Note 2: In paper that we published using this protocol, doi:10.1186/1471-2164-12-181,  enrichment for transcription factor was relatively weak. However we managed to extract peaks and show global trends in the data, but due to low enrichment we had an issue of large number of false positives. It might be that the antibody was poor, but also might be that the this protocol is not suitable for TFs for currently unknown reason. Thus, be careful if you are using it for TFs. Test by qPCR before NGS sequencing.




Chromatin immunoprecipitation experiment with cultured mouse
embryonic fibroblasts (MEF):

- Mouse embryonic fibroblasts were extracted from embryos of 14.5 days
- Cell from embryos were cultured in DMEM medium under the following conditions:
  37°C
  5% CO2
  DMEM (GIBCO, 41966),
  Supplementary 10% FBS (GIBCO, Fetal Bovine Serum, qualified origin US, 26140-079)
  1% v/v nonessential amino-acids (GIBCO, 11140-035)
  1% v/v L-glutamine (GIBCO, 25030-024)

- Chromatin was extracted from the cells and the IP was performed using the following protocol and the commercial antibody against NFI group of proteins (NFI (H300): sc-5567, SantaCruz Biotechnology)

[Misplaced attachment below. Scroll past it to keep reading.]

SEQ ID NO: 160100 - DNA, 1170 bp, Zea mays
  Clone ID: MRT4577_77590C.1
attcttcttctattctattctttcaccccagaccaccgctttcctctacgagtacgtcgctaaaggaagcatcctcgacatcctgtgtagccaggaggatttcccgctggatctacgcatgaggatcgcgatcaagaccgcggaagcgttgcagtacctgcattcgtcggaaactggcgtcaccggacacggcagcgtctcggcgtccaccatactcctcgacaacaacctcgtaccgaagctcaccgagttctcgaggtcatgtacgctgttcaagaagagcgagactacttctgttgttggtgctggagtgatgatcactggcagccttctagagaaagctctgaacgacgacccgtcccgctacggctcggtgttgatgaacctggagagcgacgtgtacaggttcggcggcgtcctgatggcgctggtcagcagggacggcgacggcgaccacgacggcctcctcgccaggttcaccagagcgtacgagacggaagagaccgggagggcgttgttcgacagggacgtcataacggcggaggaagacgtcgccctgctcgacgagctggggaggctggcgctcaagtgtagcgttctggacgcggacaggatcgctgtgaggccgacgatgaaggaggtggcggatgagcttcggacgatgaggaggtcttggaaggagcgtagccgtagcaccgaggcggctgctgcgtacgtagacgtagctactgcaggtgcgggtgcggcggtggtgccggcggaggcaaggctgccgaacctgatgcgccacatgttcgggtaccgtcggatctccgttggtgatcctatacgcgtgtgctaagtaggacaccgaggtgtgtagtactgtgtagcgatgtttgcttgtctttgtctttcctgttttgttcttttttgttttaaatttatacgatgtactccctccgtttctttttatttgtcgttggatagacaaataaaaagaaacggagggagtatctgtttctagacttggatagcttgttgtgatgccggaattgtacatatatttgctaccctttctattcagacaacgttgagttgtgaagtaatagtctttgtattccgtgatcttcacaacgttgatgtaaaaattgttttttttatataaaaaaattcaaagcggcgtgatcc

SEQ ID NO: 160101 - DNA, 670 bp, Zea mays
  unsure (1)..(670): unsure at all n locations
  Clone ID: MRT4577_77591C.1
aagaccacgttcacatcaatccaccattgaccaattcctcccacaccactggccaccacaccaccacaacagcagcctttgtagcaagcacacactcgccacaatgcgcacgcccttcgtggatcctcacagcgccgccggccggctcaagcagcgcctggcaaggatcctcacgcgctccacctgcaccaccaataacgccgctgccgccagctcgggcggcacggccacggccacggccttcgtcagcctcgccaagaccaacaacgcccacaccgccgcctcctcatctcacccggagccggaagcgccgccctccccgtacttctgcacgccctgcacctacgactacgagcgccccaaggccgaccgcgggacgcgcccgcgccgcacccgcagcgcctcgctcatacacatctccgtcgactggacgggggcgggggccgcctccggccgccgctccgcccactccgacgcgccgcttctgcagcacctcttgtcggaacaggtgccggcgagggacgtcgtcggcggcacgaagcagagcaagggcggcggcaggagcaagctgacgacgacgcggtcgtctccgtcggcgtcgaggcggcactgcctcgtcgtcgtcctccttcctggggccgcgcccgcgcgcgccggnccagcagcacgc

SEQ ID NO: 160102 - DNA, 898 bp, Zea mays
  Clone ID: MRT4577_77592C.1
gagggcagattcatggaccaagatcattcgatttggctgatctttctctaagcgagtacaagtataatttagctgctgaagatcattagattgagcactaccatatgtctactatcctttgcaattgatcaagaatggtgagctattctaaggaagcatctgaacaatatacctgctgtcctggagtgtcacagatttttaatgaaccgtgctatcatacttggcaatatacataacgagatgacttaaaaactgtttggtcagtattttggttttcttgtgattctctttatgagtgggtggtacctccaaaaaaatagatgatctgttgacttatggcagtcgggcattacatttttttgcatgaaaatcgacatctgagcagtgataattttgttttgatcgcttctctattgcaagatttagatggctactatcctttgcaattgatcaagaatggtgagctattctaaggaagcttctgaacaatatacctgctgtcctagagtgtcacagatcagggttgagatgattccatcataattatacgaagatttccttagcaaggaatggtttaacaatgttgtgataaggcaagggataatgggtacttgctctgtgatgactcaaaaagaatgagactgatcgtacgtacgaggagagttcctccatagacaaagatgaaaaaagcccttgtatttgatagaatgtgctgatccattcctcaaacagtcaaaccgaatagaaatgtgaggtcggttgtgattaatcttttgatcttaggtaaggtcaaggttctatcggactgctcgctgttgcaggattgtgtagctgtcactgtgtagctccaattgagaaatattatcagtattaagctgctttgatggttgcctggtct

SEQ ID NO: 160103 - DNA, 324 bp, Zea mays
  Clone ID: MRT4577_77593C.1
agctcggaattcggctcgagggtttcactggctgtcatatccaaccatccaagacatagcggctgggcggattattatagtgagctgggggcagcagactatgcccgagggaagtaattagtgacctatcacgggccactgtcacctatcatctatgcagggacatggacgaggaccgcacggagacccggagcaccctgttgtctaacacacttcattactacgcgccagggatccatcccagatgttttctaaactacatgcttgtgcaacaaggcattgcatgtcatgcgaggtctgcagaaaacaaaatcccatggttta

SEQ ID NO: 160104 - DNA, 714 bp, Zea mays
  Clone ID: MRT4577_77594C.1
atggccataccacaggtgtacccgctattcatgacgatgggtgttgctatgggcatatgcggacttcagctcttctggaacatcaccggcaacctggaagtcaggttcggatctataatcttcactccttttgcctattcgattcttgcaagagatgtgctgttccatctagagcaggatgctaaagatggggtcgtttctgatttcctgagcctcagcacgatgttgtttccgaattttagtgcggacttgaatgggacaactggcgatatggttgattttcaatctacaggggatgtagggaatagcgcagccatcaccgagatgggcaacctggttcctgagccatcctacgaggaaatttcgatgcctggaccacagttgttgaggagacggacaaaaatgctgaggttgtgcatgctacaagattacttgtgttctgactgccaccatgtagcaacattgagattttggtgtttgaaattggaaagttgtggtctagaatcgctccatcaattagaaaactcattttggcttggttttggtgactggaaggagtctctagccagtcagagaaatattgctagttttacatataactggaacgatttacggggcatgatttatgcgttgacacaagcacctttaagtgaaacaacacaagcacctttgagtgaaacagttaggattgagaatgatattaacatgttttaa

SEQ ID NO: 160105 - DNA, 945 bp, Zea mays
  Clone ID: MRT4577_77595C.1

ChIP protocol

Day 1
1. Fixing of cells
- Approximately 20.000.000 cells from a culture (4 – 5 big plates)
- Add 0.1 volume of chromatin fixation buffer

Chromatin fixation buffer, Stock, Volume in 50ml
11% formaldehyde, 37%, 15 ml
0.1M NaCl, 5M, 1 ml
50 mM HEPES ph 7.9, 1M, 2.5 ml

- Incubate 7’ on RT with gentle shaking
- stop the fixation by adding 0.1 volume of 2M Glycine (pH not adjusted), color turns to yellow
- Incubate 5’ on RT with gentle shaking
- Wash 1x with ice cold PBS with protease inhibitors
- Scrape cells in ice cold PBS with protease inhibitors
- Transfer in 50 ml tubes
- Spin down in cold cetrifuge, 5’, 2500rpm